William B. Fichthorn made tailoring his calling, and followed that occupation all his life. He was born in January, 1820, and died in Reading in 1847, leaving a widow, Mrs. Mary A. (Aulenbach) Fichthorn, and three children, Ellen (Mrs Huber, of Philadelphia), Philip and Effenger R.

Effenger R. Fichthorn began his education in the public schools of Reading, but was nine years old when the family removed to Philadelphia, and the boy finished his studies there. While still in that city he learned the carpenter's trade and worked at it there for a time but in 1875 he returned to Reading and a year later established himself in the manufacture of cigar boxes. His factory located at 143-45-47-49 Pearl Street, a three story building, 60 x 75 feet, was formerly a row of dwelling houses. He built up a large business, not only local but also extending over the surrounding counties and States, and he employed twenty-five or thirty hands. Mr. Fichthorn was also the proprietor of a grocery story, located in a building which he erected in 1882 at Fourth and Buttonwood streets, where his residence also stood. In this venture also he met with marked success.

In 1897 Mr. Fichthorn was left a widower. His wife was a Miss Sally A. Ubele of Norristown, and she became the mother of three children: One died in infancy, Blanche H., and William B. Mr. Fichthorn was a member of several social or fraternal organizations, including the Eagles (in which he was captain of the Mr. Penn Commandery, K. G. E.), the Red Men, and Reading Consultory, No 3, Knights of Friendship, in which he was a past officer. During the Civil war Mr. Fichthorn offered his services to his country, enlisting in Philadelphia in 1863 in Company B., 20th Pennsylvania Militia, but in his three months' term he saw no active service as he was kept on the Reserves.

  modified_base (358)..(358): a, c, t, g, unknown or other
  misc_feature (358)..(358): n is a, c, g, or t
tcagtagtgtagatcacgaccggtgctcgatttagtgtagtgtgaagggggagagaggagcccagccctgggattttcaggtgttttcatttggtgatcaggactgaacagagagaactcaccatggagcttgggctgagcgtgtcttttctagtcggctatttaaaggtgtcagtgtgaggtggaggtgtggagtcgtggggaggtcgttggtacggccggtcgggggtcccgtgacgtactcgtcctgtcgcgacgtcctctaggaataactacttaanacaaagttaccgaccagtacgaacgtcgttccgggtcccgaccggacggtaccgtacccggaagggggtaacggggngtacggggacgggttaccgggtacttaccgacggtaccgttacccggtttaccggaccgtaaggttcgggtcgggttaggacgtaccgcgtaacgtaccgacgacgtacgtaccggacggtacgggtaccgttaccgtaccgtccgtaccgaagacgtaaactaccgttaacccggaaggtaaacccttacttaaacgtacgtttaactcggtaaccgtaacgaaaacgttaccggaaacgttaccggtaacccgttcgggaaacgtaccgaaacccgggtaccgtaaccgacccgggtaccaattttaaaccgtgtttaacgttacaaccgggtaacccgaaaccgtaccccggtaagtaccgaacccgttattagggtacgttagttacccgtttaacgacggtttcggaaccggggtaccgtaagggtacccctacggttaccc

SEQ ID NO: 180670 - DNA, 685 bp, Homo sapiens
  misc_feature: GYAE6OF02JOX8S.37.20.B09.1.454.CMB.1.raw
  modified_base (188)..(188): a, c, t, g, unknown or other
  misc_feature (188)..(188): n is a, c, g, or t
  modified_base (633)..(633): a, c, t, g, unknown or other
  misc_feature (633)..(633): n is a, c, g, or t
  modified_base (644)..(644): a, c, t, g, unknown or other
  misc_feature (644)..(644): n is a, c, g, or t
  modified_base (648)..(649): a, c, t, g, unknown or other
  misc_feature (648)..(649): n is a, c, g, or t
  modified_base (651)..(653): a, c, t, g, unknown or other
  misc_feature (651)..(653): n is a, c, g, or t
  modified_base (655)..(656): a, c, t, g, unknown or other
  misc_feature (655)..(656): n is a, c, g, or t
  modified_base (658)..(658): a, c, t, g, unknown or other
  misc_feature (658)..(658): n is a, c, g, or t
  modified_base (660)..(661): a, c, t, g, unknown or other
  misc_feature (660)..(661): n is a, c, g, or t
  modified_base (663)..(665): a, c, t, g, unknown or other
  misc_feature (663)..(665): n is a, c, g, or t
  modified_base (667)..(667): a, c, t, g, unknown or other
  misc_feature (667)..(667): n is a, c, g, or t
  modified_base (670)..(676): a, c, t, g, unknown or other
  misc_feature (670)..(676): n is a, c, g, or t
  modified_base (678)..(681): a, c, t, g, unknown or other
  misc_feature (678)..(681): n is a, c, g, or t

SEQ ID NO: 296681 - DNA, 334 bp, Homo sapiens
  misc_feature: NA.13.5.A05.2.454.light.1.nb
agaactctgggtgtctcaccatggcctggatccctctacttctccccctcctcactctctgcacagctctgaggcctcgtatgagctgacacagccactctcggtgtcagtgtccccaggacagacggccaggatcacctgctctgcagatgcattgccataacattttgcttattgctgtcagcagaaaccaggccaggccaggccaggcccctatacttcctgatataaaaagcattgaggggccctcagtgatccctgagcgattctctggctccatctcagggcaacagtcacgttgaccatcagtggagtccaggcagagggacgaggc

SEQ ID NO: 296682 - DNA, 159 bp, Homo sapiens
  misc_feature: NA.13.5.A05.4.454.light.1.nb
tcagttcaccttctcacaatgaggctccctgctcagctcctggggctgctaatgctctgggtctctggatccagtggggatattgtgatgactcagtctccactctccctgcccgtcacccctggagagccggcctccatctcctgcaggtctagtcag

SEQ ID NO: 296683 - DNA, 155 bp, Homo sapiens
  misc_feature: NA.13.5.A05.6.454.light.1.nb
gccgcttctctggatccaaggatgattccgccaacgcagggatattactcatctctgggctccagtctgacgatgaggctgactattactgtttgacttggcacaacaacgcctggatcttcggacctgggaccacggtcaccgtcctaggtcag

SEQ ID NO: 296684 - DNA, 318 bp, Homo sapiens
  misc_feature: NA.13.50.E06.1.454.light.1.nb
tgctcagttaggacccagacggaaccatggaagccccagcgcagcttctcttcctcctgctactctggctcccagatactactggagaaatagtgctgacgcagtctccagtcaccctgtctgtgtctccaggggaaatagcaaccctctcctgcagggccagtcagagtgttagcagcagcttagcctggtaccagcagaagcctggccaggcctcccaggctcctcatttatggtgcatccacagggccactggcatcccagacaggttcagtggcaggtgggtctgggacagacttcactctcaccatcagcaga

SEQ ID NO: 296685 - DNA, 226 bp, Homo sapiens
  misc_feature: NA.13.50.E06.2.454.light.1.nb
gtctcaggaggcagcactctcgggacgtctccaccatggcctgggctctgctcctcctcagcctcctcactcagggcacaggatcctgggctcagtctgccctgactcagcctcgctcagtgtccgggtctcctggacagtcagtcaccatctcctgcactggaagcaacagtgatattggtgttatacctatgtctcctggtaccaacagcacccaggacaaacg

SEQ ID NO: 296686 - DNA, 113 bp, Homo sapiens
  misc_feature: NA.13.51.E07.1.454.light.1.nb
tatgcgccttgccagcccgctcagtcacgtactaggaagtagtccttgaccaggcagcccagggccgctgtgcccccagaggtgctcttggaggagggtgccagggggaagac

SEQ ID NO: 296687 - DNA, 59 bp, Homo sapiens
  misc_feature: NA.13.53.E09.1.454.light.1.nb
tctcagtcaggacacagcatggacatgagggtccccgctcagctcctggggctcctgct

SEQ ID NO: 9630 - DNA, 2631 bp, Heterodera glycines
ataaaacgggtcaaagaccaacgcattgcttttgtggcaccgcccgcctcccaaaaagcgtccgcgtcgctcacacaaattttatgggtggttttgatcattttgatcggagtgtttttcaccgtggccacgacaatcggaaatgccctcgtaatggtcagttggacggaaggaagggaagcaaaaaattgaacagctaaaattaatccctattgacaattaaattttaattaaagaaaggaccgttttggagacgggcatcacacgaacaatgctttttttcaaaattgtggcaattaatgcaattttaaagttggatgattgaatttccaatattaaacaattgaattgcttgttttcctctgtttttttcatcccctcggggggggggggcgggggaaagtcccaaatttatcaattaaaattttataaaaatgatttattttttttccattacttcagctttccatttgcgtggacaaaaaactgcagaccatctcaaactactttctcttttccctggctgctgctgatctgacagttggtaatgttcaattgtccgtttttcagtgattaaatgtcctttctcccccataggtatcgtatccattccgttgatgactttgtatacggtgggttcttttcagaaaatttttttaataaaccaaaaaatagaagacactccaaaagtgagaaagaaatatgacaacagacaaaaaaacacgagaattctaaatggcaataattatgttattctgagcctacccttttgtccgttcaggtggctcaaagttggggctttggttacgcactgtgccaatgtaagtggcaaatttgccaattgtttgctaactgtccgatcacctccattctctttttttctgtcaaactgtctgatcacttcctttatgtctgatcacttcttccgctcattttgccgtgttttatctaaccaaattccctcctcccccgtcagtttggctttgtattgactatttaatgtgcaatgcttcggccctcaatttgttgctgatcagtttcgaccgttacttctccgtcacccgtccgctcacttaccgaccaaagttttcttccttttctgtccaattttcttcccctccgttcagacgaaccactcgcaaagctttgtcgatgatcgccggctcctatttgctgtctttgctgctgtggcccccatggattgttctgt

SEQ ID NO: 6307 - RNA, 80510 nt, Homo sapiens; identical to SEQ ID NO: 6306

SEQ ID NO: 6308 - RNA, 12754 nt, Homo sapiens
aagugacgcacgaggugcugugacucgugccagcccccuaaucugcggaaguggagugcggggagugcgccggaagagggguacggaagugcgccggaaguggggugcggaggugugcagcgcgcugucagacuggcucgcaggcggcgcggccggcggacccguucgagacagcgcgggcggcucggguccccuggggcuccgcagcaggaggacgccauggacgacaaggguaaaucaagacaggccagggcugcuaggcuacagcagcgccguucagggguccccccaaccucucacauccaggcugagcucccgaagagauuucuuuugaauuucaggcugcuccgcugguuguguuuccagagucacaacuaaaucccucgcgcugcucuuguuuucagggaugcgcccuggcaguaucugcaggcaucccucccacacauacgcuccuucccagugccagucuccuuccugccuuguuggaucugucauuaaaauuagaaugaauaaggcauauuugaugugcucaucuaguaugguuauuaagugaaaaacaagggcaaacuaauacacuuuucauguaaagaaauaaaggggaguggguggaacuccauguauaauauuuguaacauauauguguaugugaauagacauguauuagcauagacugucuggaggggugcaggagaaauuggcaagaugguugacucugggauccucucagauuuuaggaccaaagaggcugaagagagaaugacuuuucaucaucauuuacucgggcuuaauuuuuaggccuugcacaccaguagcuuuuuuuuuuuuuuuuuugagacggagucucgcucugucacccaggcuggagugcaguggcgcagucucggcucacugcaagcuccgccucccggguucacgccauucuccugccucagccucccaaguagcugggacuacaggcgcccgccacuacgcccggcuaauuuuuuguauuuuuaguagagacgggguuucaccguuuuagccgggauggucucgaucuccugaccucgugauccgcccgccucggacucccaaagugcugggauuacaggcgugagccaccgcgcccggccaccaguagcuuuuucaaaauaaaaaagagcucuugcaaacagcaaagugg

William B. Fichthorn, only son of the above, was born in Philadelphia in 1872, but received his education in the schools of Reading. On reaching an age to go to work he began as a clerk for the Reading Iron Company but in 1893 entered his father's establishment and three years later was made superintendent of the factory. He is an able man and well qualified for his responsible position. He is married to Miss Alice Bush, daughter of Levi and Mary (Dehart) Bush of Reading, and they reside at No. 528 North Ninth street.


p. 995


George L. Fichthorn, who died at his home in Reading, his native city, May 26, 1902, was engaged all of his life at the tanning trade. He was born April 18, 1852, son of Andrew Fichthorn, his grandfather also being named Andrew.

Andrew Fichthorn, the father, attended the public schools of Reading, after leaving which he learned the carpenter's and later the saddler's trades, continuing at the former but a short time, and at the latter for several years on Penn street, near fourth. Later he engaged in the tanning business on chestnut street below Third, under the firm name of Fichthorn & Co., and in 1865 he removed his business to Sinking Spring, this county. In 1870 Mr. Fichthorn returned to Reading, engaging in the real estate business, to which he gave his attention until his death, June 25, 1903. Andrew Fichthorn married Rachel R. Reiff, daughter of Jacob Reiff, of Montgomery county, and she died in April, 1905, aged seventy-nine years, the mother of children as follows: Clara C. resides at the old home, No. 30 south Eighth street, Reading; Andrew R.; Anna M. m. Dr. C. F. G. Bergner, the well known druggist of Reading; Martha E. m Samuel Yeoman, of Reading; Jacob W.; J. Walter D., a clerk of Reading, m. Rosa E. Selig, and has two children, Emma E. and Mary A.; Hannah E., a teacher in Reading for twenty-three years, died in February, 1906; Grace V., Mary M. and Daniel C. died young; and George L.